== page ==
Buying plants Health through gardening

Can We Buy Plants Safely During the Coronavirus Outbreak?

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Question: During this period of COVID-19 confinement, are plants sold in supermarkets and hardware stores at risk of transmitting the coronavirus?

Answer: The quick answer is: no more than any other commodity on sale. But here is a more detailed answer:

A Commodity Like Any Other

Gift plants (pots of bulbs and indoor plants), cut flowers and pots of herbs can be found in many grocery stores, supermarkets and hardware stores, just as they were before the COVID-19 outbreak. Soon, too, there will be trays of annuals and vegetables. In fact, in milder climes than mine, they’re already on sale. Also, some areas, garden centers are already open for business. After all, edible plants and the products needed to grow them really are an “essential service.” You can’t stop people from feeding themselves!

Authorities do not consider plants to be a serious risk to public health; that’s why their sale has never been curtailed. But no, they’re not 100% safe, nor is any other item being sold.

COVID-19 doesn’t live long outside the human body. Photo: U.S. Centres for Disease Control and Prevention

We already know that the transmission of this virus via objects is very rare, largely because the virus remains fragile outside the human body. In addition, COVID-19 does not multiply on objects, including plants, and ceases to survive soon after it has been ejected from the respiratory system of an infected human being. In three days at most, any COVID-19 virus will have been eliminated.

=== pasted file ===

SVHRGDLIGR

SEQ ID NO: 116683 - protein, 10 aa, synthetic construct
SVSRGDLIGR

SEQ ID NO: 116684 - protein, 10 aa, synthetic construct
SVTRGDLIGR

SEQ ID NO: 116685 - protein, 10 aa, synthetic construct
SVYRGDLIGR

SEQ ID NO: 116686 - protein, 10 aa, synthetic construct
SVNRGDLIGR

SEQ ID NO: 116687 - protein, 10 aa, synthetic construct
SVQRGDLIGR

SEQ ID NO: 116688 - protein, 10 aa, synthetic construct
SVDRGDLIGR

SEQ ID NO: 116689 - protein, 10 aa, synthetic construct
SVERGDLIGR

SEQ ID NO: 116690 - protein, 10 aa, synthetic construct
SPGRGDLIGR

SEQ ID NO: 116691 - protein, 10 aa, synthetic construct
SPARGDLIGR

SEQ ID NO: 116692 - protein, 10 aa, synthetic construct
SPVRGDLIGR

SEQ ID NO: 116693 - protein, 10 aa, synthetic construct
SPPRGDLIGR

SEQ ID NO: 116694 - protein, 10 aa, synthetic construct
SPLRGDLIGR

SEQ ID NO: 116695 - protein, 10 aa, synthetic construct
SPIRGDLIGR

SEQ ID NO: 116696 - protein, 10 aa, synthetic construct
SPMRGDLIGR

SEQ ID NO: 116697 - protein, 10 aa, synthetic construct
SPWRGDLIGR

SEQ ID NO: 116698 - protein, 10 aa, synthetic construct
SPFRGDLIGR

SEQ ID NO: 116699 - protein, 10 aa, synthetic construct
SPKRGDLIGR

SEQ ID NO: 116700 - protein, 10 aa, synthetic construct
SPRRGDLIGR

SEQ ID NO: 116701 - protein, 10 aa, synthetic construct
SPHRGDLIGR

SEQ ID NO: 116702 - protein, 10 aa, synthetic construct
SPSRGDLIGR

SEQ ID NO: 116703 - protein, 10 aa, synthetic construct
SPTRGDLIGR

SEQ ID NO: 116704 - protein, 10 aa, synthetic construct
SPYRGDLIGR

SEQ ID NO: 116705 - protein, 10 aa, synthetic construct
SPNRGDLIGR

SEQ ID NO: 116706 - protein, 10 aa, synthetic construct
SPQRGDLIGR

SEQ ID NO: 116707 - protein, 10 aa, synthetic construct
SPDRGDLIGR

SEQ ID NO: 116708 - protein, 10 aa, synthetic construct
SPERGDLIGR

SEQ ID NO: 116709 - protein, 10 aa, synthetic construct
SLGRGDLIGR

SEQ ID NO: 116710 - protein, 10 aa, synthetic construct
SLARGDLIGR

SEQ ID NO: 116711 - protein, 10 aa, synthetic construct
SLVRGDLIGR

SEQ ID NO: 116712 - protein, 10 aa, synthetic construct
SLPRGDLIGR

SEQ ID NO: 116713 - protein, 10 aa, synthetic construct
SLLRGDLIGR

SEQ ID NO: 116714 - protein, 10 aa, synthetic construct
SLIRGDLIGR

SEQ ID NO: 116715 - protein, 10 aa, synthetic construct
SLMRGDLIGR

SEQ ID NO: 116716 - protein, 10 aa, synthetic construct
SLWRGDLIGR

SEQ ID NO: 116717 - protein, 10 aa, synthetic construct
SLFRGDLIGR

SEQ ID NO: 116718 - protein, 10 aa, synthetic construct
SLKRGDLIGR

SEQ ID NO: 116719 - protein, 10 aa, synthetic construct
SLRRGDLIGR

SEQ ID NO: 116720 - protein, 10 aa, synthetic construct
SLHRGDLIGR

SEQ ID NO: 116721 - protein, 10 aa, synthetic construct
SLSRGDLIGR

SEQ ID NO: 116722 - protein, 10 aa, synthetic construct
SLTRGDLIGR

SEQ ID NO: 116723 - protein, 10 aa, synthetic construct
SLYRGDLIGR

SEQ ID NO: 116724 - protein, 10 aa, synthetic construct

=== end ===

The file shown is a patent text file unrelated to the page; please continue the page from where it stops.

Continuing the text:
Also, the virus survives longer on smooth surfaces, like metal and plastic (up to three days) than on “absorbent surfaces,” like plants. On them, the virus is likely to be eliminated within 24 hours. Still, that’s in theory. Better to stay on the safe side and consider three days as the potential viability of a coronavirus on plants.

So, the risk is minimal, even very minimal, but not entirely zero. A sick employee could have left traces of COVID-19 by sneezing or coughing near a plant or handling it. And it’s by manipulating it yourself, then bringing your hand to your mouth, nose or eyes, that there is a risk of transmission. True enough, it’s a very minor risk, but still a risk.

So, What to Do?

If you spot a great plant while shopping, sue: go for it! But do wash up afterwards! Photo:

If you are going to shop for the plant yourself, wash your hands before and after buying it. At home, clean the pot with soapy water and place the plant wherever you want. Then wash your hands again. After, don’t touch it for three days.

If you have a plant delivered to your home, again, wash the pot with soapy water, then thoroughly wash your hands. And again, don’t touch the plant for three days. Or instead, leave the plant in its packaging for three days before opening it.


After this three-day quarantine, you can touch the plant as often as you like, even give it a big, welcoming hug! There is no longer any risk to your health.

Garden writer and blogger, author of 65 gardening books, lecturer and communicator, the Laidback Gardener, Larry Hodgson, passed away in October 2022. Known for his great generosity, his thoroughness and his sense of humor, he reached several generations of amateur and professional gardeners over his 40-year career. Thanks to his son, Mathieu Hodgson, and a team of contributors, will continue its mission of demystifying gardening and making it more accessible to all.

4 comments on “Can We Buy Plants Safely During the Coronavirus Outbreak?

  1. Margaret

    Mail-order nurseries are experiencing unprecedented demand and so are experiencing major delays. Word to the wise . . .

  2. Margaret

    Thanks, Larry, for the timely info ???

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